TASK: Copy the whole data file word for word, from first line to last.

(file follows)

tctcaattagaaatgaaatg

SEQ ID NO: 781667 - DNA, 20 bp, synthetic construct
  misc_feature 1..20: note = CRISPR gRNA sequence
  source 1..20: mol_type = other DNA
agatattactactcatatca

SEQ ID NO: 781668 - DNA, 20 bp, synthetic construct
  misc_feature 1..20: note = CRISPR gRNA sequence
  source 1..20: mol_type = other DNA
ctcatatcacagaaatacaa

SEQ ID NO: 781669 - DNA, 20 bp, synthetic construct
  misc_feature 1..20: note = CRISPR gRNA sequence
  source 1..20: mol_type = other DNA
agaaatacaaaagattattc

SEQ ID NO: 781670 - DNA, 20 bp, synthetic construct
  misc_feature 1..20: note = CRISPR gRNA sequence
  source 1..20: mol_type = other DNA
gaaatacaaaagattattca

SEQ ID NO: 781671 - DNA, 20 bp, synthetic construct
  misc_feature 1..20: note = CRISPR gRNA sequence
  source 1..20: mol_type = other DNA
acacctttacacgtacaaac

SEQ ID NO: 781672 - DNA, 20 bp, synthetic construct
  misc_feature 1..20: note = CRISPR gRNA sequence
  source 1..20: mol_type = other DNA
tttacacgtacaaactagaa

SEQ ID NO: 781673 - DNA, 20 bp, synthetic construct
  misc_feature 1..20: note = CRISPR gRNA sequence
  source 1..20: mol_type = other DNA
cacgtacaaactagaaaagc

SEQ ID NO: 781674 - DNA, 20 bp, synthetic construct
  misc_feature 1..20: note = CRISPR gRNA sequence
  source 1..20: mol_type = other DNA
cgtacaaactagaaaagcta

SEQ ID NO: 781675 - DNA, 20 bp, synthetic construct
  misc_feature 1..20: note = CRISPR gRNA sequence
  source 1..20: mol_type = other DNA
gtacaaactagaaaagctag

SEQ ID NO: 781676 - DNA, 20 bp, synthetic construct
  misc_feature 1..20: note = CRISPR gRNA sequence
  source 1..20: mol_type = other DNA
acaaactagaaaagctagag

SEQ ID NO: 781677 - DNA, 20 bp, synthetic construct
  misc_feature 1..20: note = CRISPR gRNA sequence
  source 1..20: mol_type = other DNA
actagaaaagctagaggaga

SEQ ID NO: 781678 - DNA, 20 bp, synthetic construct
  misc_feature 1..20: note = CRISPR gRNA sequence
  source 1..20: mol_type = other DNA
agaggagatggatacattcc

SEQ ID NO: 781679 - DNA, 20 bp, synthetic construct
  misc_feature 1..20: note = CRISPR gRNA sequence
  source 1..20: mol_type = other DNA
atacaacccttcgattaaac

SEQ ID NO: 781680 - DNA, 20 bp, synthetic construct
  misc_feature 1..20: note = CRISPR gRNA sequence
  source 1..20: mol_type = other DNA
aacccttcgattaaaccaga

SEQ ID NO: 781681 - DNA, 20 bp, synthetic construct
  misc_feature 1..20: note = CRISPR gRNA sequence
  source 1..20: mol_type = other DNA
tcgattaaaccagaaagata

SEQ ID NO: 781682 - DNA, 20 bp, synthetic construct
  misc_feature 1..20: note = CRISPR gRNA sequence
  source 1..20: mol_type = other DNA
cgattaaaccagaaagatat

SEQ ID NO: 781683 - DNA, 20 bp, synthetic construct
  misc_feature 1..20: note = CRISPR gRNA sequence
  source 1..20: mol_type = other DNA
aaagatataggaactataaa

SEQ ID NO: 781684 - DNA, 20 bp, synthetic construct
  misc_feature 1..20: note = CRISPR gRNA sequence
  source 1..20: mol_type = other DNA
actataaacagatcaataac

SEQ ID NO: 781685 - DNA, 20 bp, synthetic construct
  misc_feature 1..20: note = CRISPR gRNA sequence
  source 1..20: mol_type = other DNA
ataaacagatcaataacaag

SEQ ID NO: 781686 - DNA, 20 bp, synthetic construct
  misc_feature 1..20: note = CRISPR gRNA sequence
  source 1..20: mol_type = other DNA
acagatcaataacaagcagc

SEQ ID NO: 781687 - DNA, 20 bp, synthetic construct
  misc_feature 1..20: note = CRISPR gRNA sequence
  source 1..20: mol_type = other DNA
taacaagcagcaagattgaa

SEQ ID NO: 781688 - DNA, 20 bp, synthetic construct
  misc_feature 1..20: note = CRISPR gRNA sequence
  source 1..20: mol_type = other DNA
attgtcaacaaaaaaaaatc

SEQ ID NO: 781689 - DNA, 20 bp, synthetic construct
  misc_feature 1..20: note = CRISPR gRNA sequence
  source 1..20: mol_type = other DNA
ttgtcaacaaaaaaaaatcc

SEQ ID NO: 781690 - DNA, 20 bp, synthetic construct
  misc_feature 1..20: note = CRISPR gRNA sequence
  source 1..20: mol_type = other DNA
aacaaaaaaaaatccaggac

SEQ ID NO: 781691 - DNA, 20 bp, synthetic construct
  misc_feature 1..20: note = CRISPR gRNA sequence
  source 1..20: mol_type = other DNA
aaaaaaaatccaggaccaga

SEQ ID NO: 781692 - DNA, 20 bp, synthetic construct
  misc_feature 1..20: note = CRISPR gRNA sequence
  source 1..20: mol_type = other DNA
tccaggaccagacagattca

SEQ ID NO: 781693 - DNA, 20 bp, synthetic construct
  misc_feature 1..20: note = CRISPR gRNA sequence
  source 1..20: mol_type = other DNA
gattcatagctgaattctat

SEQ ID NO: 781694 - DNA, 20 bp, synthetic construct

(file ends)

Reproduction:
tctcaattagaaatgaaatg

SEQ ID NO: 781667 - DNA, 20 bp, synthetic construct
  misc_feature 1..20: note = CRISPR gRNA sequence
  source 1..20: mol_type = other DNA
agatattactactcatatca

SEQ ID NO: 781668 - DNA, 20 bp, synthetic construct
  misc_feature 1..20: note = CRISPR gRNA sequence
  source 1..20: mol_type = other DNA
ctcatatcacagaaatacaa

SEQ ID NO: 781669 - DNA, 20 bp, synthetic construct
  misc_feature 1..20: note = CRISPR gRNA sequence
  source 1..20: mol_type = other DNA
agaaatacaaaagattattc

SEQ ID NO: 781670 - DNA, 20 bp, synthetic construct
  misc_feature 1..20: note = CRISPR gRNA sequence
  source 1..20: mol_type = other DNA
gaaatacaaaagattattca

SEQ ID NO: 781671 - DNA, 20 bp, synthetic construct
  misc_feature 1..20: note = CRISPR gRNA sequence
  source 1..20: mol_type = other DNA
acacctttacacgtacaaac

SEQ ID NO: 781672 - DNA, 20 bp, synthetic construct
  misc_feature 1..20: note = CRISPR gRNA sequence
  source 1..20: mol_type = other DNA
tttacacgtacaaactagaa

SEQ ID NO: 781673 - DNA, 20 bp, synthetic construct
  misc_feature 1..20: note = CRISPR gRNA sequence
  source 1..20: mol_type = other DNA
cacgtacaaactagaaaagc

SEQ ID NO: 781674 - DNA, 20 bp, synthetic construct
  misc_feature 1..20: note = CRISPR gRNA sequence
  source 1..20: mol_type = other DNA
cgtacaaactagaaaagcta

SEQ ID NO: 781675 - DNA, 20 bp, synthetic construct
  misc_feature 1..20: note = CRISPR gRNA sequence
  source 1..20: mol_type = other DNA
gtacaaactagaaaagctag

SEQ ID NO: 781676 - DNA, 20 bp, synthetic construct
  misc_feature 1..20: note = CRISPR gRNA sequence
  source 1..20: mol_type = other DNA
acaaactagaaaagctagag

SEQ ID NO: 781677 - DNA, 20 bp, synthetic construct
  misc_feature 1..20: note = CRISPR gRNA sequence
  source 1..20: mol_type = other DNA
actagaaaagctagaggaga

SEQ ID NO: 781678 - DNA, 20 bp, synthetic construct
  misc_feature 1..20: note = CRISPR gRNA sequence
  source 1..20: mol_type = other DNA
agaggagatggatacattcc

SEQ ID NO: 781679 - DNA, 20 bp, synthetic construct
  misc_feature 1..20: note = CRISPR gRNA sequence
  source 1..20: mol_type = other DNA
atacaacccttcgattaaac

SEQ ID NO: 781680 - DNA, 20 bp, synthetic construct
  misc_feature 1..20: note = CRISPR gRNA sequence
  source 1..20: mol_type = other DNA
aacccttcgattaaaccaga

SEQ ID NO: 781681 - DNA, 20 bp, synthetic construct
  misc_feature 1..20: note = CRISPR gRNA sequence
  source 1..20: mol_type = other DNA
tcgattaaaccagaaagata

SEQ ID NO: 781682 - DNA, 20 bp, synthetic construct
  misc_feature 1..20: note = CRISPR gRNA sequence
  source 1..20: mol_type = other DNA
cgattaaaccagaaagatat

SEQ ID NO: 781683 - DNA, 20 bp, synthetic construct
  misc_feature 1..20: note = CRISPR gRNA sequence
  source 1..20: mol_type = other DNA
aaagatataggaactataaa

SEQ ID NO: 781684 - DNA, 20 bp, synthetic construct
  misc_feature 1..20: note = CRISPR gRNA sequence
  source 1..20: mol_type = other DNA
actataaacagatcaataac

SEQ ID NO: 781685 - DNA, 20 bp, synthetic construct
  misc_feature 1..20: note = CRISPR gRNA sequence
  source 1..20: mol_type = other DNA
ataaacagatcaataacaag

SEQ ID NO: 781686 - DNA, 20 bp, synthetic construct
  misc_feature 1..20: note = CRISPR gRNA sequence
  source 1..20: mol_type = other DNA
acagatcaataacaagcagc

SEQ ID NO: 781687 - DNA, 20 bp, synthetic construct
  misc_feature 1..20: note = CRISPR gRNA sequence
  source 1..20: mol_type = other DNA
taacaagcagcaagattgaa

SEQ ID NO: 781688 - DNA, 20 bp, synthetic construct
  misc_feature 1..20: note = CRISPR gRNA sequence
  source 1..20: mol_type = other DNA
attgtcaacaaaaaaaaatc

SEQ ID NO: 781689 - DNA, 20 bp, synthetic construct
  misc_feature 1..20: note = CRISPR gRNA sequence
  source 1..20: mol_type = other DNA
ttgtcaacaaaaaaaaatcc

SEQ ID NO: 781690 - DNA, 20 bp, synthetic construct
  misc_feature 1..20: note = CRISPR gRNA sequence
  source 1..20: mol_type = other DNA
aacaaaaaaaaatccaggac

SEQ ID NO: 781691 - DNA, 20 bp, synthetic construct
  misc_feature 1..20: note = CRISPR gRNA sequence
  source 1..20: mol_type = other DNA
aaaaaaaatccaggaccaga

SEQ ID NO: 781692 - DNA, 20 bp, synthetic construct
  misc_feature 1..20: note = CRISPR gRNA sequence
  source 1..20: mol_type = other DNA
tccaggaccagacagattca

SEQ ID NO: 781693 - DNA, 20 bp, synthetic construct
  misc_feature 1..20: note = CRISPR gRNA sequence
  source 1..20: mol_type = other DNA
gattcatagctgaattctat

SEQ ID NO: 781694 - DNA, 20 bp, synthetic construct